Just three days shy of Giorno della Liberazione – Italian Liberation Day — the Jacksonville University Orchestra finishes up the 2016-17 season April 22 with a free evening of music for the community featuring an Italian flare.
The program, called “Italian Night at the Symphony,” will include music from three different composers, each with a different take on the flavor of Italy.
Opening the concert is Hector Berlioz’ festive Roman Carnival Overture, which draws themes from the carnival scene in his opera Benvenuto Cellini. Though a French composer, Berlioz captures the spirit and excitement of Rome and Italian culture.
Felix Mendelssohn’s Symphony No. 4, “The Italian,” composed between 1829 and 1833, was based on impressions from his European travels, and in particular the time he spent in Italy. Mendelssohn himself referred to it as “the jolliest piece I have ever done.”
Capping the program is the monumental Pines of Rome by Ottorino Respighi, the only true “Italian” composer on the program. Respighi’s music describes Rome’s beautiful pine trees throughout The Eternal City. From a musical depiction of children playing near the Villa Borghese to the portrait of the tree-lined Appian Way, a military road used by the Roman Republic, Respighi captures the majesty and grandeur of Rome.
Preparing for this program was especially rewarding for the student musicians in the ensemble. In addition to rehearsals with conductor and Associate Professor of Strings Dr. Marguerite Richardson, the students enjoyed a memorable evening working with British conductor Tom Newall, Music Director of the Piccadilly Symphony Orchestra of Manchester, United Kingdom.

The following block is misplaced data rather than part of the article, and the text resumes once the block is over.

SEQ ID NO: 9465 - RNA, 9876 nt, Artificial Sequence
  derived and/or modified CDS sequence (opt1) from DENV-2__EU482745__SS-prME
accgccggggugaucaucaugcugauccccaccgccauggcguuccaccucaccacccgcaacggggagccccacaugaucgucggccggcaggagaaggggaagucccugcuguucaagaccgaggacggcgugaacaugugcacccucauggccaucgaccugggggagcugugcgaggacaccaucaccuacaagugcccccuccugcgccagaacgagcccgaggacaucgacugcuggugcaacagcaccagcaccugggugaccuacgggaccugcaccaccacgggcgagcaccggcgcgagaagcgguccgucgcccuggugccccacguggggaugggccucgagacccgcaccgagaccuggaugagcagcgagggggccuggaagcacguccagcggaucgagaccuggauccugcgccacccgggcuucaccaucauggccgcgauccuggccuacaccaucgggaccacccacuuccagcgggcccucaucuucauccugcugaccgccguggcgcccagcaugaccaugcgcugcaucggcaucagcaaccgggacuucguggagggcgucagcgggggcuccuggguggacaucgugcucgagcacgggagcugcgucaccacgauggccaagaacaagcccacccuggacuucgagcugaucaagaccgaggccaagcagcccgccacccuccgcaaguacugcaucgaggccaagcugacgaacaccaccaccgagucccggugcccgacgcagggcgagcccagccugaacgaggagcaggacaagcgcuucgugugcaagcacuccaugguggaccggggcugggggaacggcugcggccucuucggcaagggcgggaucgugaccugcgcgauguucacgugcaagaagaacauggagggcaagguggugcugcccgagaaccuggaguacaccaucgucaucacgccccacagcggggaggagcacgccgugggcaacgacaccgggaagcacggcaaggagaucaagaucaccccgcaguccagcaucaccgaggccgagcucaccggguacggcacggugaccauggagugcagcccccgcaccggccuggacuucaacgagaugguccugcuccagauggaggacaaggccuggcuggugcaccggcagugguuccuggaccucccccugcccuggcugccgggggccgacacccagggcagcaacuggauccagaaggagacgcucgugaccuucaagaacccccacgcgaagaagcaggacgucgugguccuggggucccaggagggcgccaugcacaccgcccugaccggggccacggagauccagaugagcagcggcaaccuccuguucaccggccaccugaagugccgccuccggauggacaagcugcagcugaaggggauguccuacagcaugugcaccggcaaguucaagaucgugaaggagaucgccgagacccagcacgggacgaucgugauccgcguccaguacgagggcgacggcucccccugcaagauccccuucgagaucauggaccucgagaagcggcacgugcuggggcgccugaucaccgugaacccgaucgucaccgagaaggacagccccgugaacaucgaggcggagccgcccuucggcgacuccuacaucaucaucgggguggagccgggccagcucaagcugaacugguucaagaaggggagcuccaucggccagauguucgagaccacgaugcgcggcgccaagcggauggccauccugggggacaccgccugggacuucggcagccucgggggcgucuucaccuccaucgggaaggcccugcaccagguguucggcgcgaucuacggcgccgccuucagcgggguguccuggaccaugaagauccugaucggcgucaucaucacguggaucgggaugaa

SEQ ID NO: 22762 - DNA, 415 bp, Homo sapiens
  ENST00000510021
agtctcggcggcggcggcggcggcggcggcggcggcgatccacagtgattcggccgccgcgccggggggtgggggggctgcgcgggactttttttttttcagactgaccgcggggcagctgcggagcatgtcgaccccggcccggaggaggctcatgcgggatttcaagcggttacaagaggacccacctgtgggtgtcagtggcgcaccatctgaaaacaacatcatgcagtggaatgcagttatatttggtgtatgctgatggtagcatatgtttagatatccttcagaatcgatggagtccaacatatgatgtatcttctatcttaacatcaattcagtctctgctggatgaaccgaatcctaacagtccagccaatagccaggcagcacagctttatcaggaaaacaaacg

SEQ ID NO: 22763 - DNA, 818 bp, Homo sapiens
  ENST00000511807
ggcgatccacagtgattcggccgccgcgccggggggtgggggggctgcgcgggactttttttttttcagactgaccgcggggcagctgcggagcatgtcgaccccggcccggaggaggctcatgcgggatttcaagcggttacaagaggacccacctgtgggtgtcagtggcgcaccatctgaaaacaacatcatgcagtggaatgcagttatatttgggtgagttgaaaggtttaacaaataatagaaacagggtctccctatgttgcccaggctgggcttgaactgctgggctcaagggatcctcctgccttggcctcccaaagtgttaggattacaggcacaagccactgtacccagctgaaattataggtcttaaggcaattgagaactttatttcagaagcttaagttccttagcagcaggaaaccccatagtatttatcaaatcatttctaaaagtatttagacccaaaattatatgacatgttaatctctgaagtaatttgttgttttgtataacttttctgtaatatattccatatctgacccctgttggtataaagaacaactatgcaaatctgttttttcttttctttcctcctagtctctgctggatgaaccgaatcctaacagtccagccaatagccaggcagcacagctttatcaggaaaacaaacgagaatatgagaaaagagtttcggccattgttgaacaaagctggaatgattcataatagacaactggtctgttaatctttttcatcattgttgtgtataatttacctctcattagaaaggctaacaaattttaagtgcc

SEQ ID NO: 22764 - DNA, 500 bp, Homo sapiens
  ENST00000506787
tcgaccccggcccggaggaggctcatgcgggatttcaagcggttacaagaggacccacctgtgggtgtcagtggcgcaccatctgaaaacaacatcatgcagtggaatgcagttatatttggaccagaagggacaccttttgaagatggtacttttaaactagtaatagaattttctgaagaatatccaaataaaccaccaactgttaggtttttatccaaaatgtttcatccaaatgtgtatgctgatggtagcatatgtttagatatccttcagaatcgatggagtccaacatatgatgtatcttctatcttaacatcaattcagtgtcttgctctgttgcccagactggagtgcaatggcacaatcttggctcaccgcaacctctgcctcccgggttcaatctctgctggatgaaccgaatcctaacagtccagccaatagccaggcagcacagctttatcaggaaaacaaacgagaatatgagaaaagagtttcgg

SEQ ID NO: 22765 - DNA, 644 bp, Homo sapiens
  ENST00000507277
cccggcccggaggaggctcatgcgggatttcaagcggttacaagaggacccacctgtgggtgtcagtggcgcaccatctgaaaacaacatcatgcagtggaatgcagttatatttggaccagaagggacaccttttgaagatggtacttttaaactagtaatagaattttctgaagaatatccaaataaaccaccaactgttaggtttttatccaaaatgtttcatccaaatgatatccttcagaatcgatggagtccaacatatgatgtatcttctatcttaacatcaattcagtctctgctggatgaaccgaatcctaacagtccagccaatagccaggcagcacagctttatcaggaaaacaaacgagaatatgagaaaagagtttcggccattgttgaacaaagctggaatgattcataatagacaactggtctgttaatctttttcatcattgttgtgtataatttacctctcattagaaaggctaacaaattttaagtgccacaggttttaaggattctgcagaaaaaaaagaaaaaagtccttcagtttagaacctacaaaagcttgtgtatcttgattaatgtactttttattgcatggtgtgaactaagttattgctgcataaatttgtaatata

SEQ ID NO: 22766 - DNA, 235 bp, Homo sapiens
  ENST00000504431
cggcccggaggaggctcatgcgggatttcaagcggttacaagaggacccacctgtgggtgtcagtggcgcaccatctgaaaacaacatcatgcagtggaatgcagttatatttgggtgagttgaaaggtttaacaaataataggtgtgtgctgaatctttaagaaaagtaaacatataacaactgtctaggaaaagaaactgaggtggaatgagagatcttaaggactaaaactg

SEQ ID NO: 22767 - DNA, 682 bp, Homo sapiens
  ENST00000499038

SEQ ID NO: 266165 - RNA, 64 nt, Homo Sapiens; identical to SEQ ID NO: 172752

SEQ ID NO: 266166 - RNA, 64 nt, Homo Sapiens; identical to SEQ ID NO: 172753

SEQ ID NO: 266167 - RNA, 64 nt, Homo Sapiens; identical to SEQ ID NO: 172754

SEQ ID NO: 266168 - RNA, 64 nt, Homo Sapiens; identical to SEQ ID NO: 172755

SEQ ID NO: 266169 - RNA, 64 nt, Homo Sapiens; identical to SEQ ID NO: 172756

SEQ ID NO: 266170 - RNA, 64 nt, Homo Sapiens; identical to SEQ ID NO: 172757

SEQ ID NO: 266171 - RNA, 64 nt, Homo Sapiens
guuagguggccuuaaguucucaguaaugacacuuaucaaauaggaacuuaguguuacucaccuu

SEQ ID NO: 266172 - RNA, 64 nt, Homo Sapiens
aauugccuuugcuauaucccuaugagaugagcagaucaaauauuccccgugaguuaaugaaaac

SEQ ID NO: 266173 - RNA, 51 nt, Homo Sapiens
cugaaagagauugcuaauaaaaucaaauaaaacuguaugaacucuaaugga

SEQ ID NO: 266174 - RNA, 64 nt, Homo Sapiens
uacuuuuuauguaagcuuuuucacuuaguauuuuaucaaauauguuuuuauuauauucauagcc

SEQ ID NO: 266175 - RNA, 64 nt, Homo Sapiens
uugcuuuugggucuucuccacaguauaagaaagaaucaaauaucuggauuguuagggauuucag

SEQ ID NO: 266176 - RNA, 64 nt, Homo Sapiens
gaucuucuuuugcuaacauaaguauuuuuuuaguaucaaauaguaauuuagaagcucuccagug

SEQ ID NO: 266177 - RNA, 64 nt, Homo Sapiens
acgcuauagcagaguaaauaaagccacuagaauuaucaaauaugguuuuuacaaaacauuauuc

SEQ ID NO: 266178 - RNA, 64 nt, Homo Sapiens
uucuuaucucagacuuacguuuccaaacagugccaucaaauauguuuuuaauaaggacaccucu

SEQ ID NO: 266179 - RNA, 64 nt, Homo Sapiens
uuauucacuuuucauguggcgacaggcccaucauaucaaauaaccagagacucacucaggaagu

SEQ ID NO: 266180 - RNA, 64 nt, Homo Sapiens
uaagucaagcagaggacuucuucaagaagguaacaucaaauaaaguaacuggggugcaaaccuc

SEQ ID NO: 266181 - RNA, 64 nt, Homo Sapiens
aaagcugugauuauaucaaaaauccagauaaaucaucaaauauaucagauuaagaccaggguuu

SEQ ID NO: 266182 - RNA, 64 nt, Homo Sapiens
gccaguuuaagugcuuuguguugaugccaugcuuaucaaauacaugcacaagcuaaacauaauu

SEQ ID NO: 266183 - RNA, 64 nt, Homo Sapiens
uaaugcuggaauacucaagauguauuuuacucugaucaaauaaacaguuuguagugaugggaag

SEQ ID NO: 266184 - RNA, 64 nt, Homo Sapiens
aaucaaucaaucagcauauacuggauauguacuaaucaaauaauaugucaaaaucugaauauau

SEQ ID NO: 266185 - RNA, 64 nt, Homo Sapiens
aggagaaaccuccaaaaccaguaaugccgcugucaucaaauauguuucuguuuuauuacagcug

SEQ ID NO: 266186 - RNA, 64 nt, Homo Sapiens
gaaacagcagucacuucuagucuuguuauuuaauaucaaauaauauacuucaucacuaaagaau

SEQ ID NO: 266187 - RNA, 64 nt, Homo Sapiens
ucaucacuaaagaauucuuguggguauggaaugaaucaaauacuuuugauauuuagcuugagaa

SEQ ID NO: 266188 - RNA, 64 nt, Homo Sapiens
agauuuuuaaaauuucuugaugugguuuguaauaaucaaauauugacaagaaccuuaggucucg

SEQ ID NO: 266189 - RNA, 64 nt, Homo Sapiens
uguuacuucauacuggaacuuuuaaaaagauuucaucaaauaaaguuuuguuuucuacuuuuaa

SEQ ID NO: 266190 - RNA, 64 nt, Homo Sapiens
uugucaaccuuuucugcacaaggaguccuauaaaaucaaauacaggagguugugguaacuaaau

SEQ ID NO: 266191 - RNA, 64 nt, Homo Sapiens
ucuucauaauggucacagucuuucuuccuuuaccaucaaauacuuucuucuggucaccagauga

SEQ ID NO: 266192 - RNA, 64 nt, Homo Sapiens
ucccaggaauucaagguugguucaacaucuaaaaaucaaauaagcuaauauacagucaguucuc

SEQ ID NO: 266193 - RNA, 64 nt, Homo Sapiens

“It was interesting seeing a British conductor working with JU students on these Italian works,” said Dr. Richardson, who recently returned from her international conducting debut with the PSO. “The Piccadilly Symphony members are accustomed to performing repertoire like this with only five rehearsals over three days, so the atmosphere in rehearsal is electric … so much energy.”
This program also offers students in the orchestra opportunities to be heard as individuals as well as in the group.
Trumpet student Sam Hazen will leave the stage during the Respighi and perform a solo from outside the concert hall.
“Playing a solo gives you a chance to shine as an individual within the orchestra,” he said.
The program also gives students a chance to broaden their skills. Oboe and English horn player Erica Baker explains: “Working on the English Horn solo in Roman Carnival Overture has been a challenging yet rewarding experience. I have not dedicated much time to playing English horn in the past, so learning this solo has opened up a newfound appreciation for the instrument and Berlioz’s beautiful music.”
Of the sunny Mendelssohn symphony, concertmaster Edward Latimer says, ”The symphony is so full of excitement and energy that it’s hard to tell whether we’re bringing life to the music, or the music is bringing life to us.”
The concert is at 7:30 p.m. Saturday, April 22, in newly renovated Terry Concert Hall, and is free to the public. A reception will follow. For more information, visit jutickets.com or call (904) 256-7370.